Rainger FX Echo-X review: A deceptively tiny delay pedal with some unique skills
Rainger’s latest mini magic box really packs in the features, including smart gated effects and foot-controlled runaway repeats.
We’re pretty sure David Rainger’s workshop is located in a secret underground cavern littered with bubbling test tubes and powered by lightning. That’s certainly the impression created by his ever-eccentric pedals, beginning with the Freakenstein fuzzes that started appearing on boards a little over a decade ago.
But the Rainger FX philosophy is not about wackiness for its own sake – and that ’s especially true of the Echo-X, a digital delay with some unique features that aim to open up new sound-sculpting possibilities. We’re told this is the world’s first gated echo effect… and that’s not its only talent.
This is a distinctly ‘mini’ pedal, in a wedge-shaped enclosure that’s taller at the back than it is wide, and yet – with the help of the included Igor foot controller, basically an expression pedal in biscuit form – it offers more tweakable functions than most full-size delays.
First up there’s that gate, activated or bypassed via a white button on the left. The idea here is that, once you stop playing, the delay stops repeating, so you can really crank the feedback knowing you’ll be able bring it to an instant halt at any time.
The other controls on the top are all standard stuff, including separate knobs for input gain and output volume, but then we notice two little push-buttons on the front. These both control the functionality of Igor: push in the ‘send’ button, and the delay circuit will only be fed your dry signal when you squeeze the controller; otherwise, the right-hand button lets you set it to control either the rate or the feedback of the repeats.
The first thing we notice about this pedal is how nice it sounds when it’s not doing anything. With the volume controls set to match our bypass signal and the delay level at zero, what we get is not quite the same as our dry sound: the midrange is ever so slightly scooped and there’s just a touch of extra chime in the treble. This is not something we expected, but we’re not complaining.
When we do introduce some repeats, it seems the line between digital and analogue has reached new levels of blurriness. This is not a bucket-brigade delay but it has all of that slightly mushy tonality, with the low end thinning out progressively as it fades – perfect for high-feedback dubby effects.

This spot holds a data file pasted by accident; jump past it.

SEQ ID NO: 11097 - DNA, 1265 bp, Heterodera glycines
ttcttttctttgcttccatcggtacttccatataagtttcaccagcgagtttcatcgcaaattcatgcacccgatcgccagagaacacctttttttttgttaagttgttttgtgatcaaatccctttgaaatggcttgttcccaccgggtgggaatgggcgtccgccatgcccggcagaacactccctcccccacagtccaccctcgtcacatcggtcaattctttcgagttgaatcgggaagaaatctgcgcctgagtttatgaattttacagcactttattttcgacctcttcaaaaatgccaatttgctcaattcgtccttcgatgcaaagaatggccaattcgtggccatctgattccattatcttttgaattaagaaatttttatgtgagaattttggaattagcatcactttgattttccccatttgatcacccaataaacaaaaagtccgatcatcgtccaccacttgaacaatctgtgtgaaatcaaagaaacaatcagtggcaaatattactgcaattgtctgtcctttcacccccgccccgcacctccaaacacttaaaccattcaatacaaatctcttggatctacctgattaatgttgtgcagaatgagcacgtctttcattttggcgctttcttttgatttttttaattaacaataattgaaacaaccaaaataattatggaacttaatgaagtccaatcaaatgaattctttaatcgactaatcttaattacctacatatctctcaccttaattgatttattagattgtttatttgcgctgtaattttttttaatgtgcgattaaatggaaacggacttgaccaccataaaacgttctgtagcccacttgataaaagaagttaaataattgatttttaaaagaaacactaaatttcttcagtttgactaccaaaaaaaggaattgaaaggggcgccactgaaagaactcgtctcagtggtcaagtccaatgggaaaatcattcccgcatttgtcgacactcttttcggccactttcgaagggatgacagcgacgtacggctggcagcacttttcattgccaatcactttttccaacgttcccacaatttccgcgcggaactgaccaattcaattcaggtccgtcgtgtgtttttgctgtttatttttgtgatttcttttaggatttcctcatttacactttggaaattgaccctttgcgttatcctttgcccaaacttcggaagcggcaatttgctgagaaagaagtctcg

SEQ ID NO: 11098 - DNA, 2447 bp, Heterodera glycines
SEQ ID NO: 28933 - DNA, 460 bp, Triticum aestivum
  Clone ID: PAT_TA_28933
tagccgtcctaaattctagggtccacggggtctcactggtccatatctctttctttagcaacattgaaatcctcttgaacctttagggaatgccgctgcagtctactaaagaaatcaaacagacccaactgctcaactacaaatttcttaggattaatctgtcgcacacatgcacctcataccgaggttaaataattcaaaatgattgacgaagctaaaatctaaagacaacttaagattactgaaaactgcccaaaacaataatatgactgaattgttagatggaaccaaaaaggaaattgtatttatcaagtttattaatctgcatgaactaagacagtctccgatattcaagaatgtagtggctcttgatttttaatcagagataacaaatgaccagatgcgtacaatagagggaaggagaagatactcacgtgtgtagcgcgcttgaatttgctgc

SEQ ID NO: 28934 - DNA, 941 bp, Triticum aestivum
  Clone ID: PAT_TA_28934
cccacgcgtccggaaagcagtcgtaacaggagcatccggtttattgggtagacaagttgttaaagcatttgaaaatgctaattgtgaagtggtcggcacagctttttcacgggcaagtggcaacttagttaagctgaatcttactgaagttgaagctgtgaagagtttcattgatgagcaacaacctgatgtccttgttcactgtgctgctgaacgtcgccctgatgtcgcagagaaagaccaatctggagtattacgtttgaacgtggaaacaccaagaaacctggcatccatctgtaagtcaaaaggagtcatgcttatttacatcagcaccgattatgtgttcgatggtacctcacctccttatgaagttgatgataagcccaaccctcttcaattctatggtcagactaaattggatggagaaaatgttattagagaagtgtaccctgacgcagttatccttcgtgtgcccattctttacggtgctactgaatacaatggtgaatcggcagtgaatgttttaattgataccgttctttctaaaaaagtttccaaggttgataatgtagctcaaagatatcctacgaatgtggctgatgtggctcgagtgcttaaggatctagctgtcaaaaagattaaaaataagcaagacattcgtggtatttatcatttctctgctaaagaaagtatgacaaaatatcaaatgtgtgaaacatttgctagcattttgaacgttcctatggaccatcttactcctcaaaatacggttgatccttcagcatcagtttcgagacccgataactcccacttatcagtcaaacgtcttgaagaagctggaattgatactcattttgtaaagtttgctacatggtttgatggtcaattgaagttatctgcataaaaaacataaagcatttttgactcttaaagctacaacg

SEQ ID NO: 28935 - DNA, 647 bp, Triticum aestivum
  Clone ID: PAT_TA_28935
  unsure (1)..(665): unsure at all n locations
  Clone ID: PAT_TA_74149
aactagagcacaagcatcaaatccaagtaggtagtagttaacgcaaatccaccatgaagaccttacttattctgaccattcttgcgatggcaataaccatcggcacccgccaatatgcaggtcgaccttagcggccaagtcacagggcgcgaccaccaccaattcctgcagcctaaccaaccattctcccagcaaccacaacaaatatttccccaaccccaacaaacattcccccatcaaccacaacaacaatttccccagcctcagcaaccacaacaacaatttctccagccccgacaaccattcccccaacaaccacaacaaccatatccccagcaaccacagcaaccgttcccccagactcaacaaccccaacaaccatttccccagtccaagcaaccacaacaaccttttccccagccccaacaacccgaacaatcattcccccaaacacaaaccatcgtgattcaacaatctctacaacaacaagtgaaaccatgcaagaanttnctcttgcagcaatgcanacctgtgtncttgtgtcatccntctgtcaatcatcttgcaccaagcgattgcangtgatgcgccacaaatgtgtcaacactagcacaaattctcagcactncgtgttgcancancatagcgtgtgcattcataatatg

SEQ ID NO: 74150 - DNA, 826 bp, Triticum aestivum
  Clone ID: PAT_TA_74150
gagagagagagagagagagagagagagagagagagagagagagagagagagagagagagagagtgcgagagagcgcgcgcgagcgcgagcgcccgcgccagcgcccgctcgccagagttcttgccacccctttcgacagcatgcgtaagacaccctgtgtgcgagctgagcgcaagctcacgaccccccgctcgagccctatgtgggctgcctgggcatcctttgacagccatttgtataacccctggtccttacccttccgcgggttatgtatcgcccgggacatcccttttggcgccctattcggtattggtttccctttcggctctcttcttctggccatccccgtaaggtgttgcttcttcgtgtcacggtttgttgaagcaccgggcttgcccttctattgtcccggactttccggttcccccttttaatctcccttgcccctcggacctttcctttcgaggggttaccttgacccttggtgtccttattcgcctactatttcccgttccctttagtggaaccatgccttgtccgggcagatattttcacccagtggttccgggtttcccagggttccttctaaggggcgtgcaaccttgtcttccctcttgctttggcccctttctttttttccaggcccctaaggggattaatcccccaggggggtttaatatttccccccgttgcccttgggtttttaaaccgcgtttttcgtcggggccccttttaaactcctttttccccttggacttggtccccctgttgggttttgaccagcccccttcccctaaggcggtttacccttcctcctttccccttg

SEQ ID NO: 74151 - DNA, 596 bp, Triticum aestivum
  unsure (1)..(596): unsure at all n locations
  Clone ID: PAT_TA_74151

The gate works just as advertised, letting you build up heavy washes of delay then stop them dead just by damping the strings. No doubt some creative people will find all sorts of uses for this effect, though it’s not going to revolutionise guitar-playing for everyone.
We’re inclined to think the ‘send’ button is more useful. The clever bit here is that, if you lift your foot off Igor, anything you play now will stay dry but whatever’s already in the circuit will continue repeating until it dies out naturally. This enables you to use delay in a super-organic way, and the only pity is that you can’t use it in tandem with the controller’s other two functions.
Squeezing down on Igor feels very different to rocking forward on a conventional expression pedal – but for sending the repeats scurrying up and away in speed and pitch, or maxing out the feedback for heavily distorted self-oscillation, it’s every bit as intuitive.
We’re not quite sure how Rainger gets all that functionality, and all that tone, into such a tiny unit – but there must be something potent in those bubbling test tubes, because the Echo-X is a bit of a monster.
- PRICE £229
- DESCRIPTION Digital delay pedal, made in the UK
- CONTROLS Delay level, rate, feedback, input gain, output volume, gate on/off switch, send and feedback/rate buttons for Igor control
- FEATURES Igor foot controller included; true bypass, powered by 9-volt mains supply only
- DIMENSIONS 104 x 42 x 49mm
- CONTACT raingerfx.com
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